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Tips to Help Relieve Travel-Related Pain

Written by Dr. Ally Jackson, DC. and provided by Airrosti

Many people travel for work or vacation, and often these trips include long plane rides with young and sometimes restless children.

Extended flights can be uncomfortable for everyone involved, from sitting in cramped seats and overcrowded cabins to dealing with pre-flight anxiety. By staying active, hydrated, and well-rested, you can combat common flight-related aches and pains.

Here are four simple tips to help you stay active and pain-free during your travels!

Stay Hydrated: Many of us forget to drink enough water when we’re traveling, and for long flights, it can be detrimental to your health. Dehydration can lead to muscle cramps, weakness, and can also contribute to fatigue that can follow you even after you step off the plane.

If you’re offered drinks on your flight, choose water over alcoholic beverages to stay hydrated.

Sleep Properly: For red-eye flights, make sure your sleeping posture isn’t going to leave you with a sore neck or back when you wake up.

Proper sleeping position is key to restful sleep. Unfortunately, finding a comfortable position can be difficult when you’re in economy seating with rigid chairs that barely move.

One way to avoid neck strain is to bring a small pillow with you for support. When you’re ready to start dozing off, try to keep your spine straight to avoid straining your back.

Stay Active: It’s important to keep your body active during long flights. Not only will you feel better, but you’ll also be moving to prevent blood clots. A study by the World Health Organization found that on flights four hours or longer, approximately 1 in 4,500 airline passengers will develop a blood clot.

To help combat the development of blood clots, try taking a short walk down the aisle every two hours. Doing so will help improve blood flow while also combatting muscle tension and stiffness.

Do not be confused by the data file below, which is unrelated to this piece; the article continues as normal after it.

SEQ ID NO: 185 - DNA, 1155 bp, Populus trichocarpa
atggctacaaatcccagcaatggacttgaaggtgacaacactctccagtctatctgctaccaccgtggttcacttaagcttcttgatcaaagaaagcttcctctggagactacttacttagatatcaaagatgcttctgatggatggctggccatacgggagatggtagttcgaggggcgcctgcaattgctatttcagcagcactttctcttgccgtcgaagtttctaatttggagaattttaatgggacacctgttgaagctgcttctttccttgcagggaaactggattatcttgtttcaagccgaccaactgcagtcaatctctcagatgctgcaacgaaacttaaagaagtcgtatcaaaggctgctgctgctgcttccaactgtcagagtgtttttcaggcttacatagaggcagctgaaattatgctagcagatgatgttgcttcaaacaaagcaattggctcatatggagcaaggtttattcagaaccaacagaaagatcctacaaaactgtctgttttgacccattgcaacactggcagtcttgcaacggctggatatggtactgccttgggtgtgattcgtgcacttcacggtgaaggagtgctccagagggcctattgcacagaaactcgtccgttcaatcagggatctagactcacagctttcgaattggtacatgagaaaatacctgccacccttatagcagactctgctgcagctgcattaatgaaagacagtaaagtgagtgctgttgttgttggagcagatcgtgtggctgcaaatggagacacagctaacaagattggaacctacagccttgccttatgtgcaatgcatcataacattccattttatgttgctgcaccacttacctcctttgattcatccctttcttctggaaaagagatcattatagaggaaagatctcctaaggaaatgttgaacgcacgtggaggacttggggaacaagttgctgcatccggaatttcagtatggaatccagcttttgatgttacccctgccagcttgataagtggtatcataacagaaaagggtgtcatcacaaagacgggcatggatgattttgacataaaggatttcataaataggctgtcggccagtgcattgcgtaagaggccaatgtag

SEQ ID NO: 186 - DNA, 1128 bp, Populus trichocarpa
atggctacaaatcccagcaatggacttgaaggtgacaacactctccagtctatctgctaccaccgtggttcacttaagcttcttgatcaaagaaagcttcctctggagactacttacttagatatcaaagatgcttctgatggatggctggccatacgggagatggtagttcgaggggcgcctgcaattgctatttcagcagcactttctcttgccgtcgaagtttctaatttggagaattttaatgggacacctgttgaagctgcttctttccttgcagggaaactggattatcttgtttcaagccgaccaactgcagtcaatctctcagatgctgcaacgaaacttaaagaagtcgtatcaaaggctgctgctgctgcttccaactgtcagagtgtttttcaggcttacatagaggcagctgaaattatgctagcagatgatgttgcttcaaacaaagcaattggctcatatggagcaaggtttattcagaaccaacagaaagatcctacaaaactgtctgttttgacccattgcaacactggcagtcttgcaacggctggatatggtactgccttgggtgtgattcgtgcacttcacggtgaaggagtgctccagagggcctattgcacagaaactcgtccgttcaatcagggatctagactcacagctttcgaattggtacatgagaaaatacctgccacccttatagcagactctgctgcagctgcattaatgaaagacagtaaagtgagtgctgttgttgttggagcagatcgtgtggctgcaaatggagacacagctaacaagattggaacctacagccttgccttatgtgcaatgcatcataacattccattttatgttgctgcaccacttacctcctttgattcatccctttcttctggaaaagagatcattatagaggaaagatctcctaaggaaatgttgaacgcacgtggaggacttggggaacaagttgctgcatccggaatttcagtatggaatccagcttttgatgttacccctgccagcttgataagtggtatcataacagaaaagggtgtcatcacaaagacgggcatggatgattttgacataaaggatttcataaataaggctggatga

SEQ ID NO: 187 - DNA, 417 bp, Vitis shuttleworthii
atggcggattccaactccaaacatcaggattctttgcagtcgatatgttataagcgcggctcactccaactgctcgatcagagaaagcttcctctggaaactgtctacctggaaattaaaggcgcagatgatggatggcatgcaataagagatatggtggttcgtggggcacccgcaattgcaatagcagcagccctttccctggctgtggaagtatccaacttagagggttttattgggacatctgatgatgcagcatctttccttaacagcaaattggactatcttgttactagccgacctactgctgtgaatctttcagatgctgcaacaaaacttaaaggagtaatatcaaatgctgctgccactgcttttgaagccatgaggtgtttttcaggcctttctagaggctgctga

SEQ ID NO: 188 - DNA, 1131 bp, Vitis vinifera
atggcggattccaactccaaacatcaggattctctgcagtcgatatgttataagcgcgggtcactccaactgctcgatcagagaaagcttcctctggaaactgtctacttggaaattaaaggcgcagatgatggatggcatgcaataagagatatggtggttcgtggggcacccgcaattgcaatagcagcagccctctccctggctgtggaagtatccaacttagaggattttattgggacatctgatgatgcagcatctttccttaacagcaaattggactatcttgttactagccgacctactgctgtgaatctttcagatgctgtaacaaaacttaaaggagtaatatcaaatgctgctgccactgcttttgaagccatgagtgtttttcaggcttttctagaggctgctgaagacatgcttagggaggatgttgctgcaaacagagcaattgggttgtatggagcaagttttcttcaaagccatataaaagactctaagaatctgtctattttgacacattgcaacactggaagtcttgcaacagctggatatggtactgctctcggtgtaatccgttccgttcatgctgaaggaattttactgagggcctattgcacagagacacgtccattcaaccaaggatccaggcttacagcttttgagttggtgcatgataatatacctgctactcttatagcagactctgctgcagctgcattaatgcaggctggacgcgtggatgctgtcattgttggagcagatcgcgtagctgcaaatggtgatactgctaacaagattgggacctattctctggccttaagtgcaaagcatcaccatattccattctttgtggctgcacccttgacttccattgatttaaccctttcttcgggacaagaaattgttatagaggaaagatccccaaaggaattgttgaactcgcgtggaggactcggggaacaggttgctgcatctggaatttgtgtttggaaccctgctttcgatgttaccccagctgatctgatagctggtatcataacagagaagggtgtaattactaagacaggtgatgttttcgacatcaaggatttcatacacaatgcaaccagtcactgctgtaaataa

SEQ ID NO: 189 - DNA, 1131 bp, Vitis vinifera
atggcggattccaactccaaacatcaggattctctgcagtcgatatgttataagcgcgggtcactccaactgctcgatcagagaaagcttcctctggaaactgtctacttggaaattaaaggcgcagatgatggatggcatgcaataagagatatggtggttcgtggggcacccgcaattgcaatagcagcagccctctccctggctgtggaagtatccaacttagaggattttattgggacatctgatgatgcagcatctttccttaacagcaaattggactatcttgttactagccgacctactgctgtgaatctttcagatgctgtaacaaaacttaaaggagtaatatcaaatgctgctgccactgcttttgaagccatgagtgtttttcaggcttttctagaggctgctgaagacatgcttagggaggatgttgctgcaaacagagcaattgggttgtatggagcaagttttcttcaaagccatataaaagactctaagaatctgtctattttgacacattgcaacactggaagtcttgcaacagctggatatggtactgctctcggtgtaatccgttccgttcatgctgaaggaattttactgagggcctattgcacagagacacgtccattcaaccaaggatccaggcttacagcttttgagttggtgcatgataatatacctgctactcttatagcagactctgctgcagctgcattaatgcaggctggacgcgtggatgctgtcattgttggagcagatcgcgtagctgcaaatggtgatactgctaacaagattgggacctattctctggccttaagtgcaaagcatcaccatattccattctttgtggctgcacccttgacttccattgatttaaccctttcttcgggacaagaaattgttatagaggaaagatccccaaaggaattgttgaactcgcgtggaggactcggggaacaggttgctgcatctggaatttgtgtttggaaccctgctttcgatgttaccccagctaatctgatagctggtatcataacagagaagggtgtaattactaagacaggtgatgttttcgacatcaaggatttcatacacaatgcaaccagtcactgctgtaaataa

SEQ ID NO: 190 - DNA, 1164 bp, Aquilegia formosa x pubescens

Below are three more exercises you can try to keep your body moving on the plane. If you’re flying with little ones, you can also keep them entertained by encouraging them to do these exercises with you.

3 Exercises To Keep You Moving

***Disclaimer: Always consult with your doctor before starting any exercise program. If you experience any numbness, tingling or reproduction of your symptoms, please contact your doctor. * 

1) Shoulder/Neck Stretch

  • Sit with your back straight.

  • Tilt and turn your head to one side.

  • Nod your head forward until you feel a stretch along the side and back of your neck.

  • Apply extra pressure (gently) with your hand to increase the stretch if needed.

  • Hold the stretch for 30 seconds.

2) Ankle ABCs

  • Sit with your toes pointed out in front of you.

  • Slowly move your ankle to spell out the alphabet in capital letters with your toes.

  • Do not let your hips or knees move.

  • Complete one set and repeat the exercise with the other foot.

3) Glute Squeezes

  • Sit at the edge of your seat with your feet flat on the floor.

  • Flex your glutes as hard as possible to raise yourself up in your chair.

  • Hold the stretch for 30 seconds.

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